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Re: LHC Dangerous?

Postby Poochy » Sat Mar 29, 2008 9:30 pm UTC

22/7 wrote:While what you've said is technically true, you're missing the point here. When you're dealing with safety concerns, you take the probability that a given problem will occur and multiply that probability by a factor that indicates the severity of the problem. If I remember correctly, human death is usually given a 10 on that scale. Then you set a threshold for how high the composite number can be allowed to be. The number assigned to destroying the world is probably big enough that any chane of it happening is too big a chance.
True, but that wasn't the point of my rant. Lemme put it this way:

Scientist: "According to my calculations, there is only a probability of 22,079,460,347:1 against that this will blow up the world. So I have to say it could happen, unlikely as it may be."
Media: "This could blow up the universe! Everybody you know will die! AAAH! RUN FOR YOUR LIVES! PANIC! DANGER! JEOPARDY! DOUBLE JEOPARDY! FINAL JEOPARDY!" *conspicuous absence of any accurate portrayal of the true likelihood*

Yes, the severity of a potential problem occurring should be taken into consideration. But my complaint is that the sensationalistic media always takes the original odds and blows them way out of proportion. Multiplying the odds of a problem happening by its severity rating to calculate the importance of preventing that problem is perfectly reasonable. Multiplying the true odds of the problem occurring by its severity rating, then acting like THAT is the true probability so it can be multiplied by its severity rating again and cause needless hand-waving freakoutery, is nowhere near reasonable.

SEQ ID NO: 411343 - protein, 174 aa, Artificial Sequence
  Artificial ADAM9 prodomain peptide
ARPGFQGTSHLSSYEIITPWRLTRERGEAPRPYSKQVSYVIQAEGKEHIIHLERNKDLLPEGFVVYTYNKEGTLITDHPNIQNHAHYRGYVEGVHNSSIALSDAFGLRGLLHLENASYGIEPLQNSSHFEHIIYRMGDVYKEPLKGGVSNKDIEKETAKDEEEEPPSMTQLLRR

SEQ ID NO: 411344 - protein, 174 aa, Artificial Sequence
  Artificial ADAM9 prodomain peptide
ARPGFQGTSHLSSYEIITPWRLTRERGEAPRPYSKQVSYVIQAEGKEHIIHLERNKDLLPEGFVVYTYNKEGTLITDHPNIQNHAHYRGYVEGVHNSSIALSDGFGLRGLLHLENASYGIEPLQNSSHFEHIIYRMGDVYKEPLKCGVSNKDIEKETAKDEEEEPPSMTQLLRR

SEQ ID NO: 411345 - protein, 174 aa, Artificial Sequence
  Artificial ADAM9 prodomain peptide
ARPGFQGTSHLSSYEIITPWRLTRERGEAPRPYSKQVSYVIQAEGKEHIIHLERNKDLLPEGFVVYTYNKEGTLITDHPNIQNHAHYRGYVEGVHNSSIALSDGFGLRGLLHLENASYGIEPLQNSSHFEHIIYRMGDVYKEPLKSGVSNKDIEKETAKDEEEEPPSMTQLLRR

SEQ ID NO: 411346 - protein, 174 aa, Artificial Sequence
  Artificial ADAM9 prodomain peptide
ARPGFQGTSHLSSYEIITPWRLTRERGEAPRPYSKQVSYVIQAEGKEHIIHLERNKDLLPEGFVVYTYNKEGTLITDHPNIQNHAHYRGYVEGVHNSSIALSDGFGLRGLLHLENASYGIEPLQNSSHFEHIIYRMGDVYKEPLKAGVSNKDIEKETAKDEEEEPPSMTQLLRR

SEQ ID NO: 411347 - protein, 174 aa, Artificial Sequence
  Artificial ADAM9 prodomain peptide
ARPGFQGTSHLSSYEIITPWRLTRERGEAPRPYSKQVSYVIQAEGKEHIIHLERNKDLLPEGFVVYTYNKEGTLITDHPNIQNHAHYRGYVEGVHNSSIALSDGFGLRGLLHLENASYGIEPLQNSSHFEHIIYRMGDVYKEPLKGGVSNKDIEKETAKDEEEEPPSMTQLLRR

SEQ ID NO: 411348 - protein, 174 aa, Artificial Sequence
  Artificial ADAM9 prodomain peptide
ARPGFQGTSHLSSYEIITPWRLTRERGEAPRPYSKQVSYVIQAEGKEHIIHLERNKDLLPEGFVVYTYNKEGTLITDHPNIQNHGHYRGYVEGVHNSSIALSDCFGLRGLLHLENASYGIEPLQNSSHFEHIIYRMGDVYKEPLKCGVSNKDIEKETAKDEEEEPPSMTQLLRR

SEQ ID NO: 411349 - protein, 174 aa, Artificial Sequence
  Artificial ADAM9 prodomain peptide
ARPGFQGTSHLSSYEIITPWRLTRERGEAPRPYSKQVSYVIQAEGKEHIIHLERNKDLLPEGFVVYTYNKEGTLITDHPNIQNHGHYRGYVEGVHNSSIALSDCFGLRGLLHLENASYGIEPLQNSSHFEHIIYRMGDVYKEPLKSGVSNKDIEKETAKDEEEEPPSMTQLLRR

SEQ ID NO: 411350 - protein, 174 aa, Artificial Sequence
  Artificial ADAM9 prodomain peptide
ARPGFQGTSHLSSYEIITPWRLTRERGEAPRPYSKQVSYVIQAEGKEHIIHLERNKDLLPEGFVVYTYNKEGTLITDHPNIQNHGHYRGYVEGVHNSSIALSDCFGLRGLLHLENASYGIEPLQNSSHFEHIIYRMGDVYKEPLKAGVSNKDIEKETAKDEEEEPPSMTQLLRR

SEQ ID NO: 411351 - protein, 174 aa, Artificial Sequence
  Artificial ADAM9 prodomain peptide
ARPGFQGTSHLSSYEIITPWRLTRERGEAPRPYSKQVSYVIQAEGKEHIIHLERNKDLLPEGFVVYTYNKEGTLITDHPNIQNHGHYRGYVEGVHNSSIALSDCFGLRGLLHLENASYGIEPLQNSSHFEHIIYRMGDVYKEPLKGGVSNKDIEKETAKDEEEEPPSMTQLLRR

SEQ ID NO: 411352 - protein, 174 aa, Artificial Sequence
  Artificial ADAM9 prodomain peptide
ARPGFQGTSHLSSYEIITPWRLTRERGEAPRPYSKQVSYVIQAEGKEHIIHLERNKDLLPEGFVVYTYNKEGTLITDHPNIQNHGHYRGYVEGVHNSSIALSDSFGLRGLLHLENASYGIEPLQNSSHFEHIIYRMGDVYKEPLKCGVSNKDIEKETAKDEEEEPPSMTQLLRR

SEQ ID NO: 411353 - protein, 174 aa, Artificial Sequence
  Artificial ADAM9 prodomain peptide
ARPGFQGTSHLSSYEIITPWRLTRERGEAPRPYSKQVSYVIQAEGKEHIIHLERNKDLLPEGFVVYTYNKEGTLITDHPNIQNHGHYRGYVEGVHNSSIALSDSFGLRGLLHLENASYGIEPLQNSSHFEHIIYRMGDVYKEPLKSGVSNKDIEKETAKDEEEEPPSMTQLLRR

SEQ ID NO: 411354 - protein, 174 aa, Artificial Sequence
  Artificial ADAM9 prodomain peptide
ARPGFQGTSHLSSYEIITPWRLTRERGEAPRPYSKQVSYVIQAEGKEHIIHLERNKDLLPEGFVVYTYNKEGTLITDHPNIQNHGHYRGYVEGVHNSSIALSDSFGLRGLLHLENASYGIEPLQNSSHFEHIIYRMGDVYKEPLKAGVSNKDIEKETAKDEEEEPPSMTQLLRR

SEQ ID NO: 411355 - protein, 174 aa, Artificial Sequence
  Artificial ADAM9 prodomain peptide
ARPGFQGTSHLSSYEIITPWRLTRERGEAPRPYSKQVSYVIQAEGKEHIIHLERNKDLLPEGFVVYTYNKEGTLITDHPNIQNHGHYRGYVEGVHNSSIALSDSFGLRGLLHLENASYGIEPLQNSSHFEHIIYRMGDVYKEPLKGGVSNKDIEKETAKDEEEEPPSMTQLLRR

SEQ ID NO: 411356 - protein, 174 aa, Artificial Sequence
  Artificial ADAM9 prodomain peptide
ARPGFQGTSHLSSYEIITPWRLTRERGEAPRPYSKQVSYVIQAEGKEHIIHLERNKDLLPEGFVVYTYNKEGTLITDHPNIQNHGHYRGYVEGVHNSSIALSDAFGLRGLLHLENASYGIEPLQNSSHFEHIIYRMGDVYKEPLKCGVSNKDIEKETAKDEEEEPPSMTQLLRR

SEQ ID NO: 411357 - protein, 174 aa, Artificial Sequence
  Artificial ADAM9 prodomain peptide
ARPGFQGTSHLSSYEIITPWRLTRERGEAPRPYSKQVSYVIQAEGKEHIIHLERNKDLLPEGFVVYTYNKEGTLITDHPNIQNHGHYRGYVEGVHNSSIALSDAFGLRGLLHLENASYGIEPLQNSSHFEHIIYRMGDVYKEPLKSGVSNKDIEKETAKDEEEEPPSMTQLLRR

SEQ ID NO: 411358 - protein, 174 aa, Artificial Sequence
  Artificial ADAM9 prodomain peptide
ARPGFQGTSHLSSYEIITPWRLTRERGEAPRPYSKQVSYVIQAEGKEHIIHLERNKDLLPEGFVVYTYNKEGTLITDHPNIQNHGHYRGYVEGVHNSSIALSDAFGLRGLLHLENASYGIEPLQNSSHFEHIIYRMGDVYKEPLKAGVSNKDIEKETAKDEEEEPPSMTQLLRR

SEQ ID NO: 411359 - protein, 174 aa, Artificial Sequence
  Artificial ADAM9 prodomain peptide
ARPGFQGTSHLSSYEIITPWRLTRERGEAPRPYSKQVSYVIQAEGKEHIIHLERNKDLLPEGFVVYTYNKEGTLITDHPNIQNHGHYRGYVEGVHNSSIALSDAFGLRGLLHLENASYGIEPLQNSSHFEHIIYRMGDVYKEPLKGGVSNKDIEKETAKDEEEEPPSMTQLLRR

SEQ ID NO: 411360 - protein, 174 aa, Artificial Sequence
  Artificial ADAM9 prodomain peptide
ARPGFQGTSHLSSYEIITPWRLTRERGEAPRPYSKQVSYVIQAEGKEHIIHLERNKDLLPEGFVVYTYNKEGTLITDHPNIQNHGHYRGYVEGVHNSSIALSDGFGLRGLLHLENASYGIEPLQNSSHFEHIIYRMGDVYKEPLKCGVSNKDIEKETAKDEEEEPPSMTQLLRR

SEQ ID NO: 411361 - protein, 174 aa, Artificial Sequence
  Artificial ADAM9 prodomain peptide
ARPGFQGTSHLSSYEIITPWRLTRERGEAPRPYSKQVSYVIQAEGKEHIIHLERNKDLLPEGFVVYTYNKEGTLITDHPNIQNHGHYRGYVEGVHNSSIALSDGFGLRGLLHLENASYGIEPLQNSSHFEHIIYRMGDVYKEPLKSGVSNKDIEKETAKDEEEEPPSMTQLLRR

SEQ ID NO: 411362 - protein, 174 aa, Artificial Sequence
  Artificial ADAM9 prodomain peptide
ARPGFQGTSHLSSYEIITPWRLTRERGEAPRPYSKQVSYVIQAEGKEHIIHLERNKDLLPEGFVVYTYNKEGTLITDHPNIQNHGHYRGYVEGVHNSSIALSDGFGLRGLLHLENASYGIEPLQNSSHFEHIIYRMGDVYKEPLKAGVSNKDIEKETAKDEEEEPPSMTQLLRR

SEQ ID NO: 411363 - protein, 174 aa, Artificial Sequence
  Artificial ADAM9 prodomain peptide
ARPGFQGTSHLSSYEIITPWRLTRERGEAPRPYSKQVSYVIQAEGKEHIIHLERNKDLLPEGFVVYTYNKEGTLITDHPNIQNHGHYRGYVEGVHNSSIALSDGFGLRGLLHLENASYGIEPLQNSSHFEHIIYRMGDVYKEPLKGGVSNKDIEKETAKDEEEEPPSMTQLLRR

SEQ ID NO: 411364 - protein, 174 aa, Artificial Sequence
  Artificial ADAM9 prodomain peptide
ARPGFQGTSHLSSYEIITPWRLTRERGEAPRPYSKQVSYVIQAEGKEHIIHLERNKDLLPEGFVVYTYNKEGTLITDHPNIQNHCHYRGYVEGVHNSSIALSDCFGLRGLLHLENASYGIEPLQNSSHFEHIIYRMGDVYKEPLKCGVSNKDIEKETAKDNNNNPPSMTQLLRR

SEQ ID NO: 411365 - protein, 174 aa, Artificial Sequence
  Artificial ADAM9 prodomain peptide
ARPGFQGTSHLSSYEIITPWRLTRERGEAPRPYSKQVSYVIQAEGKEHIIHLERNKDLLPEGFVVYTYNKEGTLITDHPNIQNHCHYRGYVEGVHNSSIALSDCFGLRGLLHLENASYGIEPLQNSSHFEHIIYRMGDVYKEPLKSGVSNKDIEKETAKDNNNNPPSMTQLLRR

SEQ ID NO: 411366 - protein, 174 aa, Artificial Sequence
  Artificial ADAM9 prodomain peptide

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Re: LHC Dangerous?

Postby idobox » Wed Apr 02, 2008 9:35 pm UTC

You all should be feared to death by the tremendous gravitational drag of 10- a lotkg black hole.

Seriously, we need to fire it. Because we will most certainly find no Higgs Boson, and because we will discover strange behaviors no current model can predict. That is what I love with fundamental science: observation almost always bust models, and each time we think we're about to know all of it, we discover we know about nothing.
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Re: LHC Dangerous?

Postby ian » Thu Apr 03, 2008 8:28 am UTC

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Re: LHC Dangerous?

Postby JTankers » Sun Apr 06, 2008 3:35 pm UTC

CERNs web site states that we have not been destroyed by effects of cosmic rays and micro black holes will evaporate.